Russian President Vladimir Putin said Friday that more U.S.-Russian prisoner exchanges are possible if Moscow and Washington find a compromise.
Putin spoke a day after Russian arms dealer Viktor Bout was swapped for WNBA star and two-time Olympian Brittney Griner.
Asked after a summit in Kyrgyzstan whether other prisoners could be swapped, Putin replied that “everything is possible,” noting that “compromises have been found” that cleared the way for Thursday’s exchange of Griner for Bout.
“We aren’t refusing to continue this work in the future,” the Russian leader said, making his first comments about the closely watched trade.
Despite negotiating for Griner’s release, the most high-profile American jailed abroad, the U.S. failed to win freedom for another American, Paul Whelan. The Michigan corporate security executive has been imprisoned in Russia since December 2018 on espionage charges that his family and the U.S. government have said are baseless.
U.S. officials said they did not see an immediate path to bringing about Whelan’s release, saying Russia has treated his case differently because of the “sham espionage” charges against him. Still, they said they believe communication channels with the Russians remain open for negotiations about his freedom.
US National Security Council spokesman John Kirby said: “We registered what Mr. Putin said, let’s see what he actually does.”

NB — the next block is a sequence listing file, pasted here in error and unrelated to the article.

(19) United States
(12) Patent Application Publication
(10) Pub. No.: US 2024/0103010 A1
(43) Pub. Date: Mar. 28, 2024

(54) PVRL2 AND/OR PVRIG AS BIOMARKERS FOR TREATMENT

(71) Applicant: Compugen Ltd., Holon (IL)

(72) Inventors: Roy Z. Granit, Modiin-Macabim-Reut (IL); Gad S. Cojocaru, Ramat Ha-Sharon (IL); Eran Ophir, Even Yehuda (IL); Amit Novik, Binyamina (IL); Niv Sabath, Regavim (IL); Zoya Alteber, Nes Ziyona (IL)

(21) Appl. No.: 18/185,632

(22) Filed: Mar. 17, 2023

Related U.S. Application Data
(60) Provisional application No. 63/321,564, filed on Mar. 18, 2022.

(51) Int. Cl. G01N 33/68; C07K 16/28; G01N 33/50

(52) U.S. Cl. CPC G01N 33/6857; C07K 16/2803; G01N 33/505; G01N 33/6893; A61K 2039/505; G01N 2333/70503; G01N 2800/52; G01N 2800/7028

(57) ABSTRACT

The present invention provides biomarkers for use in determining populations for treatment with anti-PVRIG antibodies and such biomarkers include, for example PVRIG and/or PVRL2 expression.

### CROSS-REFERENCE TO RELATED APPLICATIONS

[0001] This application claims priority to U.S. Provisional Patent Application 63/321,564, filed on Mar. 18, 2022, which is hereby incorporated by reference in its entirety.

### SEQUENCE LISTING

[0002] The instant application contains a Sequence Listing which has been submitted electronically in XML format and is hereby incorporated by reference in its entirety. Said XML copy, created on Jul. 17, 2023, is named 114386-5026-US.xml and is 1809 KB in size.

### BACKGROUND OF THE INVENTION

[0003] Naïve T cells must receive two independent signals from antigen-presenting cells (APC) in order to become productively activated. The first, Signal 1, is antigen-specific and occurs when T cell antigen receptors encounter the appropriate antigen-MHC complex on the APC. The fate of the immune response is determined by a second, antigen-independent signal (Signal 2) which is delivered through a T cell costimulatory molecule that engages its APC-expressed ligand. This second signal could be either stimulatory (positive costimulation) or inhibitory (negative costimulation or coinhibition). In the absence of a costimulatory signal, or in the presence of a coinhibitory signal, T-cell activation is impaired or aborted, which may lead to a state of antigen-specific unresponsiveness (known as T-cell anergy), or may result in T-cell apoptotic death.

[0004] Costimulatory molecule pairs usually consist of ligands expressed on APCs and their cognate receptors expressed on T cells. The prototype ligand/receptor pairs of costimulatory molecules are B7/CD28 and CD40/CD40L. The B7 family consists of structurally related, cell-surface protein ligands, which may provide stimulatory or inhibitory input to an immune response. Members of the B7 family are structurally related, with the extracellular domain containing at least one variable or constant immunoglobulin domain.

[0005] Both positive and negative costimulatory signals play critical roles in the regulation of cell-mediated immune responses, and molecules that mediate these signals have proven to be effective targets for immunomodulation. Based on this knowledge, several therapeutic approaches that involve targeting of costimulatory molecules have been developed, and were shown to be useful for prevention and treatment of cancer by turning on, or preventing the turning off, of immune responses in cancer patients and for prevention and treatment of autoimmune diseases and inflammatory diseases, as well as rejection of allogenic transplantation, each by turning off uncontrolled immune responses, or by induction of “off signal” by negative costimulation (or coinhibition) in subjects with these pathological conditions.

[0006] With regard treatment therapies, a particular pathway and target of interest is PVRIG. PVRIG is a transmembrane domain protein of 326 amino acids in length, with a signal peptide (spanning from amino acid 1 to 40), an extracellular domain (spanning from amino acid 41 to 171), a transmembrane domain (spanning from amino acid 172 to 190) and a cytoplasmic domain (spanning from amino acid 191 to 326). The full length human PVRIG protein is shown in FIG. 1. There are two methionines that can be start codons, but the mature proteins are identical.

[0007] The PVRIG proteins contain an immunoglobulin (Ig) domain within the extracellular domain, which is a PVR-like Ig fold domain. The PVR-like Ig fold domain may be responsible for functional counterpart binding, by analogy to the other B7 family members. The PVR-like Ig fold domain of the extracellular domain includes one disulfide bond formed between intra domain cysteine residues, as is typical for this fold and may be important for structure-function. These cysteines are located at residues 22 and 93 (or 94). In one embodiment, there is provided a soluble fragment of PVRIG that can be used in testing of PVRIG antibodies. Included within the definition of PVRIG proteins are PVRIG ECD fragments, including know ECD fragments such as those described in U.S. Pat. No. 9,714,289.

Putin said the U.S.-Russia talks that resulted in Thursday’s exchange didn’t touch on other subjects.
“Whether this could set the stage for a dialogue with the U.S. is a separate issue,” he said. “We didn’t set the task to move from those talks to something else, but they do create a certain atmosphere.”
On a similar note, Kremlin spokesman Dmitry Peskov said it was Russian and U.S. intelligence agencies that agreed to exchange Bout for Griner and their contacts were focused exclusively on hammering out its specifics.
“It has no impact on the overall state of bilateral ties that looks sad,” Peskov said in televised remarks.
Peskov said that “special services may continue their work if necessary,” and also noted the role of the United Arab Emirates and Saudi Arabia in helping broker the swap.
Bout, dubbed the “Merchant of Death” who provided arms for some of the world’s worst conflicts and spent over 14 years behind bars in the U.S., was seen in Russia as unjustly imprisoned after an overly aggressive U.S. sting operation.
Russian state media hailed his release, carrying footage of him talking to his family from a private jet following a swap at Abu Dhabi’s airport and then embracing his wife and his mother on a snowy tarmac in Moscow.
Speaking in an interview for RT channel with Maria Butina, who also served 18 months in a U.S. prison after being convicted of acting as an unregistered foreign agent in the United States, Bout said he was still struggling to control his emotions after his imprisonment.
He charged that the West’s long-held objective was to destroy Russia.
“The West believes that it has failed to finish us off when the Soviet Union began to collapse,” Bout said. “And our efforts to live independently, be an independent power, is a shock to them.”